- magellanic cloud,
- magellanic clouds,
- magen david,
- magendie, françois,
Origin of magenta
Examples from the Web for magenta
She looks like your typical granny—gray hair, wrinkles, dentures—and slowly stumbles about her apartment in a magenta tracksuit.‘My Granny The Escort’: Meet 85-Year-Old Sheila Vogel-Coupe, Britain’s Oldest Prostitute|Marlow Stern|June 3, 2014|DAILY BEAST
She introduced the tiny jewel to Western audiences from behind a wash of magenta fringe.Indian-Inspired Bindis a Hot Trend in Winter Bling|Misty White Sidell|January 4, 2013|DAILY BEAST
Clad in a magenta Marc Jacobs gown and RuPaul hair, Gaga has been anticipating it on Twitter all week.Lady Gaga Covers Vogue With RuPaul Hair; Kate Bosworth Engaged|The Daily Beast|August 9, 2012|DAILY BEAST
Eventually, this short, louche novel that began with warmth and zest and cheekiness, wanders around aimlessly in magenta caftans.
The campaign of Magenta and Solferino took place ten years later.
The corolla is lilac or bluish, often with a magenta tube and magenta "eye."Field Book of Western Wild Flowers|Margaret Armstrong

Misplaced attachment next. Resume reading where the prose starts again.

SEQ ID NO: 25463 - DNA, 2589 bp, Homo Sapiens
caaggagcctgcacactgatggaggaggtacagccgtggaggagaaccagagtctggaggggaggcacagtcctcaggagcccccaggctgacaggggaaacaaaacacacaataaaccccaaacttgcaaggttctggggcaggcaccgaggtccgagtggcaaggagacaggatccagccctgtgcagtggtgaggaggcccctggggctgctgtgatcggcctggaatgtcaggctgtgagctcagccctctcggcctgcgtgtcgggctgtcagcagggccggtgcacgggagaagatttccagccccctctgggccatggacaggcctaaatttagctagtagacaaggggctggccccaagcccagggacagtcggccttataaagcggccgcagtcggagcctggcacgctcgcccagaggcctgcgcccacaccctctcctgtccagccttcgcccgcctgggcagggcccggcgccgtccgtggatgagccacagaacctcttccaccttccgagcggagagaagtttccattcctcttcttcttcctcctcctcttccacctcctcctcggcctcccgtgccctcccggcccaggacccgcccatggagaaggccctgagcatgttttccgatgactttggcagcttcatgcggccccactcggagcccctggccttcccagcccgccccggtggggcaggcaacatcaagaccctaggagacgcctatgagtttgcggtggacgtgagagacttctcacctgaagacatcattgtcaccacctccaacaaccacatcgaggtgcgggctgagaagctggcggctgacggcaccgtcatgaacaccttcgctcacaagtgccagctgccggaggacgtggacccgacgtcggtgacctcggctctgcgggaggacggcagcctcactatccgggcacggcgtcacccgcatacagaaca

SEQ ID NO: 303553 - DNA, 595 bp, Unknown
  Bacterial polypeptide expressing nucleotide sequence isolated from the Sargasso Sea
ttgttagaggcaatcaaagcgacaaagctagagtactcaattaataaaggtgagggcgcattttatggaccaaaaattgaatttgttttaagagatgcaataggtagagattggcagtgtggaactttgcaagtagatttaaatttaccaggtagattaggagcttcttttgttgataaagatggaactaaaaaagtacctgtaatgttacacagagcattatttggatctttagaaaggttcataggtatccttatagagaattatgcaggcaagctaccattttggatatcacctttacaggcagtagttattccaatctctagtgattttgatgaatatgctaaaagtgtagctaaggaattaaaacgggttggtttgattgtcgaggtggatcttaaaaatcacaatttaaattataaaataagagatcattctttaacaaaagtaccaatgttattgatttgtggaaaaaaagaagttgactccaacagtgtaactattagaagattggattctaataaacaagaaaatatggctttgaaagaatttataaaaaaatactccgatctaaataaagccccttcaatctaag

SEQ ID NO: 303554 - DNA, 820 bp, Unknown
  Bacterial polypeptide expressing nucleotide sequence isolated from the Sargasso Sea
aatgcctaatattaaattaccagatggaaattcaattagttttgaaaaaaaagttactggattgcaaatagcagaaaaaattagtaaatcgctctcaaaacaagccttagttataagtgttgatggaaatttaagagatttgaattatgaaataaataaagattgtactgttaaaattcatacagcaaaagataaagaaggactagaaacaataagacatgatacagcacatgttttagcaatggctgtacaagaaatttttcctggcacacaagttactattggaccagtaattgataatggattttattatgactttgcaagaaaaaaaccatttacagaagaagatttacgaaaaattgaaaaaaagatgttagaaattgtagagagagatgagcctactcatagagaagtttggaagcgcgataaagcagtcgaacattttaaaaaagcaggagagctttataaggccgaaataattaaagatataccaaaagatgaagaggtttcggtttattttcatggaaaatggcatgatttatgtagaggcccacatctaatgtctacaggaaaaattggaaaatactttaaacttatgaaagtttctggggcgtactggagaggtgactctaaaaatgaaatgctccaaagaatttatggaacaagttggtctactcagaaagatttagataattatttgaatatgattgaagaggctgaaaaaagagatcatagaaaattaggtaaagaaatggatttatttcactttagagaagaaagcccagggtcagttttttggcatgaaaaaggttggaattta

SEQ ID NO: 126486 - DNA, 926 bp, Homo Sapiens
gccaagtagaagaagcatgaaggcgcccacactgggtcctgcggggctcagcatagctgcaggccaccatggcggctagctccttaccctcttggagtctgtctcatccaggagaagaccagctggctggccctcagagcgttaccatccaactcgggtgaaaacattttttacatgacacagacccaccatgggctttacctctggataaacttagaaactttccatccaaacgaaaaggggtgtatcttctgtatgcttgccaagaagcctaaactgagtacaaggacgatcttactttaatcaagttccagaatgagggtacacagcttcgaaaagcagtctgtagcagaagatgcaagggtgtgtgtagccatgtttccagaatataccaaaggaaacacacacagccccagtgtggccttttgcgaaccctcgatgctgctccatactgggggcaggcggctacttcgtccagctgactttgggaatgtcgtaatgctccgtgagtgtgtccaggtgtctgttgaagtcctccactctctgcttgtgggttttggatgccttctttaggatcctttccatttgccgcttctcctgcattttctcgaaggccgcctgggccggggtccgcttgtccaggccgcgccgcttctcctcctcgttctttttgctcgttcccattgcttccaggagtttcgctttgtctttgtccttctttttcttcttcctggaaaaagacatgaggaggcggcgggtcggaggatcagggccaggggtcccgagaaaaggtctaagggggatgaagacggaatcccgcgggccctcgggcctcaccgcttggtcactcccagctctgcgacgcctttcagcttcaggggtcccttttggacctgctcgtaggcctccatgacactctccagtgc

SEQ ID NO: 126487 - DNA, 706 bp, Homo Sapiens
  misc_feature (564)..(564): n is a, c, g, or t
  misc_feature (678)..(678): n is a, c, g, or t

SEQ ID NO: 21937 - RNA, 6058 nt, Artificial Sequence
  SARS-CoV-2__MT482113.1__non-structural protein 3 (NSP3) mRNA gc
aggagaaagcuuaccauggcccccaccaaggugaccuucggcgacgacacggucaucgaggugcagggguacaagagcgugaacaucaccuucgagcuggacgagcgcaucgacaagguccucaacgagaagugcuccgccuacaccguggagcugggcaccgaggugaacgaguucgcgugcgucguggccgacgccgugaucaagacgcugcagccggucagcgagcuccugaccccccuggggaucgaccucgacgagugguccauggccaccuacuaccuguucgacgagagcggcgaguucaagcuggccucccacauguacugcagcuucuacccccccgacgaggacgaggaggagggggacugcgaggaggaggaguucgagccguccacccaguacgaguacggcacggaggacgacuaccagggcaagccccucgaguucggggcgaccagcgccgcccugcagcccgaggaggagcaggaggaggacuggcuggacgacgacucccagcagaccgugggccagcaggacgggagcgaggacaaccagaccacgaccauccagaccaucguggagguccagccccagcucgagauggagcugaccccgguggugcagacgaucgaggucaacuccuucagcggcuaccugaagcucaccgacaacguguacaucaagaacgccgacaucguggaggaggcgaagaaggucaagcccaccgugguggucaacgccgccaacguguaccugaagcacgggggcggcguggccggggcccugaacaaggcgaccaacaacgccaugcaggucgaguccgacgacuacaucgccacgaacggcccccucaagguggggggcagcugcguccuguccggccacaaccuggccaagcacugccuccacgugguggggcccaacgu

Ironweed of royal purple, maroon-shot, mingles in illogical harmony with the blue vervain and magenta trumpet-weeds.Minstrel Weather|Marian Storm
Some of them were present on this occasion with their goggles, their magenta veils, and their brass voices.Atlantic Classics|Various
In fact they obtained rosolic acid from magenta by the action of nitrous acid on the latter.Coal|Raphael Meldola
- a deep purplish red that is the complementary colour of green and, with yellow and cyan, forms a set of primary colours
- (as adjective)a magenta filter
Word Origin for magenta
1860, in honor of the Battle of Magenta in Italy, where the French and Sardinians defeated the Austrians in 1859, which advanced the cause of Italian independence and fired the imagination of European liberals. The brilliant crimson aniline dye was discovered shortly after the battle. The town's name traces back to Roman general and emperor Marcus Aurelius Valerius Maxentius (d.312), who supposedly had a headquarters here.